Then he goes on to tell of what he endured from the Gentiles. “Thrice was I beaten with rods.” That was the Roman punishment. “Once was I stoned;” that was at Lystra. “Thrice I suffered shipwreck.” You read of his being shipwrecked once in the book of Acts, but there were two more such experiences. “A night and a day I have been in the deep.” I suppose the vessel had gone to pieces, and he was floating about clinging to a spar. No one was near, but he was looking to God, and in some way deliverance came. All these things failed to quench that burning ardor that sent him through the world for a generation proclaiming salvation through the Lord Jesus Christ.
Then there were other perils that he suffered. They were eightfold as given in verse 26. “In perils of robbers,” that was a very real peril in those days when robbers beset every mountain path, and Paul traveled from city to city mostly on foot. “In perils by mine own countrymen, in perils by the heathen.” The Jews hated him, and the Gentile world failed to appreciate the fact that he was God’s ambassador to them. “In perils in the city,” among the cultured and refined as well as among the uncouth and the ignorant. “In perils in the wilderness, in perils in the sea, in perils among false brethren.” This last is perhaps the saddest of all. Those professing the name of Christ and yet untrue to him, those taking the ground of being servants of God and yet showing themselves false brethren, who would have destroyed his good name if they could.
And then he continues, “In weariness and painfulness, in watchings often, in hunger and thirst, in fasting often, in cold and nakedness.” Whatever have you and I known of suffering anywhere near like this? We have sung sometimes, but I wonder whether we really mean it:
“Jesus, I my cross have taken,
All to leave and follow Thee;
Naked, poor, despised, forsaken,
Thou, from hence, my all shall be;
Perish ev’ry fond ambition,
All I’ve sought, and hoped, and known;
Yet how rich is my condition,
God and heav’n are still my own.”
Do we really mean it when we sing such a song as this? Are we prepared thus to suffer and endure for Christ’s sake? This is first-century Christianity, this is what it cost to be true to God in those early days, and yet how faithful God’s servants were that we might have this wondrous heritage of the truth today.
But there was another thing that weighed upon him, and only one having the oversight in the Church of God could know the meaning of this: “Beside those things that are without, that which cometh upon me daily, the care of all the churches.” Paul carried the people of God upon his heart. He could not go into a place and labor for a while and then be through with them. They were still on his heart, and if they got into trouble, into difficulty, into dissension, it burdened him, and he took it to God and wrote letters to them and tried to help and bless. And now he says, “Who is weak, and I am not weak? Who is offended, and I burn not?” That is, if some one who should know better stumbles one of the weakest, it fills me with indignation. So truly was he a father in Christ to the people of God. And he adds, “If I must needs glory, I will glory of the things which concern mine infirmities.” If , must boast, I will not boast in what I have done or what I am, but “I will glory of the things which concern mine infirmities.” Just a poor weak, earthen vessel, and yet God has taken him up and used him to give the message of His glory to a needy world. He could boast in this, that in spite of all his weakness God had seen fit to speak in and through him.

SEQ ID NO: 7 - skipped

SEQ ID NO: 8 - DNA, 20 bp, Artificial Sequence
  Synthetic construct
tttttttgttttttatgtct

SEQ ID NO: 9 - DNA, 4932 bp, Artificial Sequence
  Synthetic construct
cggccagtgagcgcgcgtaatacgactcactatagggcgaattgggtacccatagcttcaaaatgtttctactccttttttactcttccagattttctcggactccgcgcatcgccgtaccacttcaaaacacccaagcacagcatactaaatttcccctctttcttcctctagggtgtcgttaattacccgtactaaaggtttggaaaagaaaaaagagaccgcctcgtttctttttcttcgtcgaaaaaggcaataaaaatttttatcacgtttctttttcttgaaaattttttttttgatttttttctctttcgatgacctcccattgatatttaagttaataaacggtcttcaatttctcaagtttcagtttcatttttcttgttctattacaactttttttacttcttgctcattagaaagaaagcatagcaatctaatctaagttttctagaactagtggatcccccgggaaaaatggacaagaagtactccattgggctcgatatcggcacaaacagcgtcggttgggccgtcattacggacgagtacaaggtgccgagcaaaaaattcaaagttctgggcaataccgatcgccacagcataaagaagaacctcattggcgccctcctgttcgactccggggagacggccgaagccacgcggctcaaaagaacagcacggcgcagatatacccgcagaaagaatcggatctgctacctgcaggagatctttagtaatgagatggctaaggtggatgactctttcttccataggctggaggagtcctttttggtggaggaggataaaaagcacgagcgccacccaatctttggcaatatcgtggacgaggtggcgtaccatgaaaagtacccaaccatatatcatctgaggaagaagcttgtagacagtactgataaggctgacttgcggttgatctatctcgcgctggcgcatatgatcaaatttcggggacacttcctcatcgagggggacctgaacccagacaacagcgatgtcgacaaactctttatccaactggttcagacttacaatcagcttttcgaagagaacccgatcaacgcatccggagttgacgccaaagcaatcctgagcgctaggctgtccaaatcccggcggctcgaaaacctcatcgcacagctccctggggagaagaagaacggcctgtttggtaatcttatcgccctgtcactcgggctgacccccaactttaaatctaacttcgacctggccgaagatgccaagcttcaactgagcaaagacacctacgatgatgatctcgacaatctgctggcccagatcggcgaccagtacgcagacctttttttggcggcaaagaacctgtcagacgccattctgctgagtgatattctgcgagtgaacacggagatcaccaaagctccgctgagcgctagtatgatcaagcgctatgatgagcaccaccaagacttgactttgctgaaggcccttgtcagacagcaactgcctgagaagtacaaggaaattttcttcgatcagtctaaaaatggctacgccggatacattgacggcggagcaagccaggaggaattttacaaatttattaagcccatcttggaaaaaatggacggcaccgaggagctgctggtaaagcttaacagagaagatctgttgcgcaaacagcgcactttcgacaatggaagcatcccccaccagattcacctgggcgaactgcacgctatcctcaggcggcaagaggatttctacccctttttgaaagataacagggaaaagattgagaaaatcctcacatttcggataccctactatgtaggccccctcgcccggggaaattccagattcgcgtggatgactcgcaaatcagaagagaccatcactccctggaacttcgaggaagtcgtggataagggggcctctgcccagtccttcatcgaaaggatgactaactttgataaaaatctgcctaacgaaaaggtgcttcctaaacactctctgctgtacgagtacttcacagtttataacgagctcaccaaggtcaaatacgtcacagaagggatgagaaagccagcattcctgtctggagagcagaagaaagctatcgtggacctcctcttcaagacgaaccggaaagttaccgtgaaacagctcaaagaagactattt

His conclusion is very striking. You might have expected him to tell of some very remarkable experience he had had, in which God showed that, after all, it was His delight to put honor on the man who had stooped so low for the sake of Jesus, but he tells of something that most of us would have left out. “The God and Father of our Lord Jesus Christ, which is blessed for evermore, knoweth that I lie not. In Damascus the governor under Aretas the king kept the city of the Damascenes with a garrison, desirous to apprehend me: and through a window in a basket was I let down by the wall, and escaped his hands.” What a picture! And then think of the dignity of some of us. Just imagine him curled up in a basket and dropped over a wall! That is the last view we have of Paul in this chapter. Some one passing might have looked up and said, “Well, dear me, is that the Rev. Dr. Paul?” No, it is Paul, a servant of Jesus Christ, who counted all things but loss for that excellent name, and is ready to be put to shame, is ready to suffer, is ready to endure, in order that Christ may be manifested in him whether by life or by death. May God teach us who love the same Saviour to emulate this His servant in devotedness to Christ, in glorying in infirmities. Surely our Saviour deserves our best and most devoted service.
“Alas, and did my Saviour bleed?
And did my Sovereign die?
Would He devote that sacred head
For such a worm as I?”